WARREN, Michigan – General Motors and Korea's LG Chem have formed a joint venture to build an electric vehicle battery cell factory near Lordstown, Ohio, east of Cleveland.
The companies also will work together on battery technology to bring down the cost for future GM electric vehicles.
The new plant will create more than 1,100 jobs in the area around Youngstown, Ohio, and the joint venture plans to invest $2.3 billion in the plant and for battery development. GM says it will be among the largest battery factories in the world.
They'll break ground on the new plant sometime next year, but the exact location wasn't disclosed.
The new battery plant comes after GM closed a sprawling small-car assembly plant in Lordstown earlier this year. The battery plant was announced last fall during contract talks with the United Auto Workers union, but it won't make up for the lost jobs at the small-car plant.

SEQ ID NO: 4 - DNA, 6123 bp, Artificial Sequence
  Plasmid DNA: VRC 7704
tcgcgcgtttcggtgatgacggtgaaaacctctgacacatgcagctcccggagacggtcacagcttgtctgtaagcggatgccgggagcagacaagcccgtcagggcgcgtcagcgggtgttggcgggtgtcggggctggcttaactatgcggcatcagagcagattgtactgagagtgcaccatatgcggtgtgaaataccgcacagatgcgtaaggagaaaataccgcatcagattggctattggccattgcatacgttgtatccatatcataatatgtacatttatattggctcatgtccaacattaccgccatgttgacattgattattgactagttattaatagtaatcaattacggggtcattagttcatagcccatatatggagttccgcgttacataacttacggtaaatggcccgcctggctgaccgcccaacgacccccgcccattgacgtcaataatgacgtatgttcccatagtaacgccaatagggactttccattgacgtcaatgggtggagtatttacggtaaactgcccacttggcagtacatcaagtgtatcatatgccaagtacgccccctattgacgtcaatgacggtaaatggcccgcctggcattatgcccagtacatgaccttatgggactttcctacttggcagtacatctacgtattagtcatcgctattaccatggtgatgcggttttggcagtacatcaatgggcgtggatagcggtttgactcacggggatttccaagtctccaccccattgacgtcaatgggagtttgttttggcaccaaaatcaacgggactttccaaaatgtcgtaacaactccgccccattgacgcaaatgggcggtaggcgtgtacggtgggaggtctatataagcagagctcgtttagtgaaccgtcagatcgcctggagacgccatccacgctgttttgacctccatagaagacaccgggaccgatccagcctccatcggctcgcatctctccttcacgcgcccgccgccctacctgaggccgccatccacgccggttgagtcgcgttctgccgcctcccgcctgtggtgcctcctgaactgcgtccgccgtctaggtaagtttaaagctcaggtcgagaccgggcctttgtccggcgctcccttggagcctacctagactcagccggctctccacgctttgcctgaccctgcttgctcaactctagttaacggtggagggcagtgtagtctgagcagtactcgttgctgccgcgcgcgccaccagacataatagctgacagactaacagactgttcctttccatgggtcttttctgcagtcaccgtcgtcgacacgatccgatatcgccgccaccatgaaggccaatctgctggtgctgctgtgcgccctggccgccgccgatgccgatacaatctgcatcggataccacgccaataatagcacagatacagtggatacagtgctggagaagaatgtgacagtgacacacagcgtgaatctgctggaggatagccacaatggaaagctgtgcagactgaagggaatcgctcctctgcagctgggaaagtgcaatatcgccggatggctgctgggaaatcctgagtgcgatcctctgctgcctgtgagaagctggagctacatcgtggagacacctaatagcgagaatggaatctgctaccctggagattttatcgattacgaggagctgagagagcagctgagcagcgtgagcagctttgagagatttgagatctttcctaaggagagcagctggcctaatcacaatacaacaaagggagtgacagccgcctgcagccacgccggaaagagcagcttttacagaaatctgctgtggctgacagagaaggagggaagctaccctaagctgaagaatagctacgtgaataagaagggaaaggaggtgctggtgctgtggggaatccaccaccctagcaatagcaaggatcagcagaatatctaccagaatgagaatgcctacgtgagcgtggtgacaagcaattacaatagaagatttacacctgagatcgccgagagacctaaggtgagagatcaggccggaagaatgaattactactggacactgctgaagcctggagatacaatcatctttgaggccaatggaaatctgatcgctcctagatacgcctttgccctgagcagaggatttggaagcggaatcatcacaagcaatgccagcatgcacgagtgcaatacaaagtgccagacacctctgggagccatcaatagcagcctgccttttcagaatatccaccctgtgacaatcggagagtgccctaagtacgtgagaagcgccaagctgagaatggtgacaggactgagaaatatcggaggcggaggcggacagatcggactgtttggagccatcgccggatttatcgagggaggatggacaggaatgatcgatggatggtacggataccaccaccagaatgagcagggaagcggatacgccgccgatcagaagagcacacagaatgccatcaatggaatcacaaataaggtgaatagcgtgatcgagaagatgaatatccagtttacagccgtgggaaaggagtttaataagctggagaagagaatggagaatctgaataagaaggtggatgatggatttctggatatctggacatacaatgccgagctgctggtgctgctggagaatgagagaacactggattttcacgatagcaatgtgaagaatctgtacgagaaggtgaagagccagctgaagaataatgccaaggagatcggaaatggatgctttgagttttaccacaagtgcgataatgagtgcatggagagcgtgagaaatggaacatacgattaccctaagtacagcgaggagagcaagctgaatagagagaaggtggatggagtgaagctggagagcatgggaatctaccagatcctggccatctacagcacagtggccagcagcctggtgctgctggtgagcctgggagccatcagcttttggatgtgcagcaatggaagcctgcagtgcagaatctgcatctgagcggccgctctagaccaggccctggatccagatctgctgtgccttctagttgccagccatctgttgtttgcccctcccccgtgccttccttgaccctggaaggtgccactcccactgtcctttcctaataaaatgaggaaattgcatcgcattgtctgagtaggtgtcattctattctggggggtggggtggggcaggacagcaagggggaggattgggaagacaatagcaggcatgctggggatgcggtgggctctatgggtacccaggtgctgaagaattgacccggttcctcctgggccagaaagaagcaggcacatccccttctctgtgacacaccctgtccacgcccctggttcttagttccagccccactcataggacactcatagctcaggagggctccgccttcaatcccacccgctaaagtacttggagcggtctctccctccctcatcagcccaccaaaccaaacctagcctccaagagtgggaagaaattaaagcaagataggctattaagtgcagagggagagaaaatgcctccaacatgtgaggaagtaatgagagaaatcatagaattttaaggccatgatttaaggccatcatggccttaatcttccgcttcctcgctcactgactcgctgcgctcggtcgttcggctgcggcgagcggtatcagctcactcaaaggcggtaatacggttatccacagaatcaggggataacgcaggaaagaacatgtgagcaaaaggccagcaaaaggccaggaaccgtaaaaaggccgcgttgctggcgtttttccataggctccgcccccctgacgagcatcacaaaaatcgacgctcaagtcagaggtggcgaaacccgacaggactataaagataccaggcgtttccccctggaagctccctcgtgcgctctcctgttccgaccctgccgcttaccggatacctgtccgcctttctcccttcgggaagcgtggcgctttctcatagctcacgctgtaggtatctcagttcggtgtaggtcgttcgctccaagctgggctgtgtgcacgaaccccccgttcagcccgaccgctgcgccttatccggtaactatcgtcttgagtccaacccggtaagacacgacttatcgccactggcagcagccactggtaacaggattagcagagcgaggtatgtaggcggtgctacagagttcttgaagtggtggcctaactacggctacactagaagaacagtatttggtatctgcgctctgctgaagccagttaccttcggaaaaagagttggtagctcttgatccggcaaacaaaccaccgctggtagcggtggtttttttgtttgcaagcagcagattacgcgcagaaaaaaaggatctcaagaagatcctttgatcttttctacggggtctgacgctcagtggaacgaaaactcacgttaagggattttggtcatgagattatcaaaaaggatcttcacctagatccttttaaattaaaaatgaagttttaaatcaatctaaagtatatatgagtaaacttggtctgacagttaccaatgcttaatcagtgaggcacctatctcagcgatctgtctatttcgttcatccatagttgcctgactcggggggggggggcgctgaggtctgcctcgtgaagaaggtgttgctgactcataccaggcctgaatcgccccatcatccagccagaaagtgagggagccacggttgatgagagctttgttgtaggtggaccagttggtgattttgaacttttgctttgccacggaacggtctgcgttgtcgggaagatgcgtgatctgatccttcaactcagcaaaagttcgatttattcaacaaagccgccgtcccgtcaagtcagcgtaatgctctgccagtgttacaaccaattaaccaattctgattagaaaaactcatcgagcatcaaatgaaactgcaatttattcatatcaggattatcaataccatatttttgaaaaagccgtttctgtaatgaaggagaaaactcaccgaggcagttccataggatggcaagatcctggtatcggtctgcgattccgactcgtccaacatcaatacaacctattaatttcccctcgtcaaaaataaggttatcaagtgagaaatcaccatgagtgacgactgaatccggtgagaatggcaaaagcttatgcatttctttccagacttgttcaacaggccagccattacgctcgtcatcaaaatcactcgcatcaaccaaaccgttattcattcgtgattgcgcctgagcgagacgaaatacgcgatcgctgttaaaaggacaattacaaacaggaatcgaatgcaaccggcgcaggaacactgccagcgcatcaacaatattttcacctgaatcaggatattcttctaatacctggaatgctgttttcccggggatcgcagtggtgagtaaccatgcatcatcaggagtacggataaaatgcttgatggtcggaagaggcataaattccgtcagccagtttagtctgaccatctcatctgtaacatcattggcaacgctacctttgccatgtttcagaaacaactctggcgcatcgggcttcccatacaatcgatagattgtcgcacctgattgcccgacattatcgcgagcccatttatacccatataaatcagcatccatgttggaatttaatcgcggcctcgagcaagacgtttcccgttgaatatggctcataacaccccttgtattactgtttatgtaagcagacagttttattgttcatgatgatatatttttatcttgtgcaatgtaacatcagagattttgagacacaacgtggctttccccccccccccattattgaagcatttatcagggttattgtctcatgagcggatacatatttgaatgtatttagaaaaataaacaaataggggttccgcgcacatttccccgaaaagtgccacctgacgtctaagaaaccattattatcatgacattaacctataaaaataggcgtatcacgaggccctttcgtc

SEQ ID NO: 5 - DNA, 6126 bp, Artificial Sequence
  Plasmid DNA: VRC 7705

The Lordstown factory stopped making cars in March. Just two years ago it employed 4,500 workers on two shifts who made the Chevrolet Cruze compact car. Most of those employees either retired or transferred to other GM factories.
GM has been working with LG Chem on electric vehicle batteries since 2009, shortly before the Chevrolet Volt rechargeable gas-electric hybrid went on sale. LG Chem currently supplies battery cells for the Chevrolet Volt fully electric vehicle.
Hak-Cheol Shin, LG Chem CEO, said it will reduce electric vehicle costs to the point where they can replace those powered by internal combustion engines.
“We believe by working together we'll accelerate and get to industry leading cost levels,” GM CEO Mary Barra said.
Workers at the new plant will decide whether they want to be represented by the UAW, the companies said.